Sandy Spring is not a place, It's a state of mind. Local saying

Crisp, brown leaves blanket the old graveyard and nestle against the worn and partially sunken tombstones.

Although many of the markers are more than a century old, the inscriptions are still clear. Strong Biblical names such as Hannah, Caleb, Sarah, Samuel and Joshua are etched simply, proudly and without flourishes.

The Quakers who settled Sandy Spring in 1727 rest easily in this peaceful cemetery next to the Friends Meeting House in the heart of the village. Descendants of such founding families as the Thomases, the Brookes and the Snowdens still attend meetings of the Religious Society of Friends in the red brick meeting house built in 1817.

Only a short drive from the glass-and-chrome highrises, traffic snarls and pollution of the metropolitan area's urban communities, Sandy Spring and its neighbor, Ashton, have retained a serene, small-town charm.

Some of the oldest settlements in the county are located in the Sandy Spring-Ashton area, and the Maryland Historic Trust has identified 35 sites that should be preserved for their historic and architectural value.

At the end of Meeting House Road the original sandy spring still bubbles up cold and clear, and in the village center the small Sandy Spring store is still selling local residents their staples from the same site where James P. Stabler opened his "mercantile store" in 1819.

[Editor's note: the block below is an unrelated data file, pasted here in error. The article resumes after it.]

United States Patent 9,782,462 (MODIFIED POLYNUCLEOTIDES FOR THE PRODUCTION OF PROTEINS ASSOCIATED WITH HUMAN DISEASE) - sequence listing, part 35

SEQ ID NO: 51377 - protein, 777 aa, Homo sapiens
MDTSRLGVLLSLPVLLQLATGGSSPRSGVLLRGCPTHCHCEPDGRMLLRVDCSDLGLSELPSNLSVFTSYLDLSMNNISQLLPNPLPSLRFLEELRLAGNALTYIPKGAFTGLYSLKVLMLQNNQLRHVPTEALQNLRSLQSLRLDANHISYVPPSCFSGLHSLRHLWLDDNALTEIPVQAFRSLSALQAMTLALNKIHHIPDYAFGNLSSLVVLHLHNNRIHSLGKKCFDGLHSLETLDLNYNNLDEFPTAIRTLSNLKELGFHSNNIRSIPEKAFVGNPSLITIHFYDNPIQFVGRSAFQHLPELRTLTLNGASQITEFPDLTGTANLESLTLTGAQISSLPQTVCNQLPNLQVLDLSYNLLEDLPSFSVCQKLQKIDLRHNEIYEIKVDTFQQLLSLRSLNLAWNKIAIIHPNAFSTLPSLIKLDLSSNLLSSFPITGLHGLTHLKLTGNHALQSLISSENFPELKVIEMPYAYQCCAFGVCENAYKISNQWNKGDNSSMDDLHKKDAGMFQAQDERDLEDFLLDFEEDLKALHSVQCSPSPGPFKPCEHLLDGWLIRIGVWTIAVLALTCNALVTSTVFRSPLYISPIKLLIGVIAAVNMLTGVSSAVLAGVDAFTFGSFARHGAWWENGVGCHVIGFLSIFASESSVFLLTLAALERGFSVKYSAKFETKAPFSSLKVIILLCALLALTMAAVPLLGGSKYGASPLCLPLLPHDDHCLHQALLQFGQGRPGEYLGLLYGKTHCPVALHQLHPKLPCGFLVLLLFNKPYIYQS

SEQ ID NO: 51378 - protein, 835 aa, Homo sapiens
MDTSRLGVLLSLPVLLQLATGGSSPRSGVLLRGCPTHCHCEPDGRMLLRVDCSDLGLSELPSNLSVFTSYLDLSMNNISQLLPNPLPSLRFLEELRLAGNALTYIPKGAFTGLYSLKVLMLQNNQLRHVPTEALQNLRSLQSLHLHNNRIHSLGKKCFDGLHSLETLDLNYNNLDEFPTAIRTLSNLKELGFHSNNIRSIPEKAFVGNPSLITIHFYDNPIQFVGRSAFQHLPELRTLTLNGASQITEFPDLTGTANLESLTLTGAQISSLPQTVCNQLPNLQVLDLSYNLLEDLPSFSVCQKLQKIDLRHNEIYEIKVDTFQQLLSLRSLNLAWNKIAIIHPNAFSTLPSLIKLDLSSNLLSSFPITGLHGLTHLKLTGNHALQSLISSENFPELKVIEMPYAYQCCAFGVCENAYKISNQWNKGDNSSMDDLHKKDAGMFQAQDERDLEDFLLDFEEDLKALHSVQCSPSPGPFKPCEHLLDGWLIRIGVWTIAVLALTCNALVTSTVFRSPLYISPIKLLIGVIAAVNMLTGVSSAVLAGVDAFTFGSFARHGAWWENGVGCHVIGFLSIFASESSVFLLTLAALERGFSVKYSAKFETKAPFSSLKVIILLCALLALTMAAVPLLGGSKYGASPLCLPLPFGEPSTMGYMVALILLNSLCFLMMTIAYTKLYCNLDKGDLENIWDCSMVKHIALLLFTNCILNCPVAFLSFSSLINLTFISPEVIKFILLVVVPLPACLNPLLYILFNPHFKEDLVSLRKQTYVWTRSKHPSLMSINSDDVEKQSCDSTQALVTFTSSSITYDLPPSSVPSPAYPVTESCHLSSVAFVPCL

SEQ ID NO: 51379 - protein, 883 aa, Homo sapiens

Nearby, descendents of slaves freed by the Quakers live on land in what was once called the Free Negro Settlement. Along Brooke Road and Chandlee Mill live people who measure their Sandy Spring ties in centuries.

It's not uncommon for black and white residents to share the same surname. "We're all kinfolk here," explained a fifth-generation Sandy Spring resident.

This warm, friendly atmosphere permeates the town, were residents wave to strangers passing through. Quaint, quiet and refreshingly slow paced, Sandy Spring is the kind of place, where some residents don't even bother to lock their cars.

While driving down Rte. 108, civilization's main encrochment on the community, motorists slow down to drink in the rural surroundings. Autumn brown fields border the road with weathered, gray fences holding in the cows and horses that graze in the fields. Old wooden barns and trees dating back to the Civil War provide a sense of timeless tranquility.

Most of the homes are on large parcels of land, giving the area a spread-out, rural atmosphere. Even the High's dairy store has a barn-like design that fits the small-town ambience.

"Yup, it's a nice little community," nodded a local shopkeeper, "I'd sure hate to see it change a lot."